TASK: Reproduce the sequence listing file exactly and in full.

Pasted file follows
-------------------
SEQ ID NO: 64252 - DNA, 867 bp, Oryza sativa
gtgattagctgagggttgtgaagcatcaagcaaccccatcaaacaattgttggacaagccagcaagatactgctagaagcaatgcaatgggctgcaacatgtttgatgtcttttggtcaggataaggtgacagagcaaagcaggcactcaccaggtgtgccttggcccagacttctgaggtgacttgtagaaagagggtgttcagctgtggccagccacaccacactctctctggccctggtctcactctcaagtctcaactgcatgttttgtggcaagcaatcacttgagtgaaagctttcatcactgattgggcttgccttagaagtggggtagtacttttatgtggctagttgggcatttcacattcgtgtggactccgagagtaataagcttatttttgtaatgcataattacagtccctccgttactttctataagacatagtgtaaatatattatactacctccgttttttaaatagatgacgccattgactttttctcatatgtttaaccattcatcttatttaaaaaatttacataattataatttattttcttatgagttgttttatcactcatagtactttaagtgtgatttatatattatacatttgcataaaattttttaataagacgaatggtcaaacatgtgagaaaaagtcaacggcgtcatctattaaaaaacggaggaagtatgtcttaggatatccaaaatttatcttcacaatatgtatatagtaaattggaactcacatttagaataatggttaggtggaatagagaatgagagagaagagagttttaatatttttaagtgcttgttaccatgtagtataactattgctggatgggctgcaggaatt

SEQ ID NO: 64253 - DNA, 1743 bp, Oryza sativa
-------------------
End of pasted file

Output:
SEQ ID NO: 64252 - DNA, 867 bp, Oryza sativa
gtgattagctgagggttgtgaagcatcaagcaaccccatcaaacaattgttggacaagccagcaagatactgctagaagcaatgcaatgggctgcaacatgtttgatgtcttttggtcaggataaggtgacagagcaaagcaggcactcaccaggtgtgccttggcccagacttctgaggtgacttgtagaaagagggtgttcagctgtggccagccacaccacactctctctggccctggtctcactctcaagtctcaactgcatgttttgtggcaagcaatcacttgagtgaaagctttcatcactgattgggcttgccttagaagtggggtagtacttttatgtggctagttgggcatttcacattcgtgtggactccgagagtaataagcttatttttgtaatgcataattacagtccctccgttactttctataagacatagtgtaaatatattatactacctccgttttttaaatagatgacgccattgactttttctcatatgtttaaccattcatcttatttaaaaaatttacataattataatttattttcttatgagttgttttatcactcatagtactttaagtgtgatttatatattatacatttgcataaaattttttaataagacgaatggtcaaacatgtgagaaaaagtcaacggcgtcatctattaaaaaacggaggaagtatgtcttaggatatccaaaatttatcttcacaatatgtatatagtaaattggaactcacatttagaataatggttaggtggaatagagaatgagagagaagagagttttaatatttttaagtgcttgttaccatgtagtataactattgctggatgggctgcaggaatt

SEQ ID NO: 64253 - DNA, 1743 bp, Oryza sativa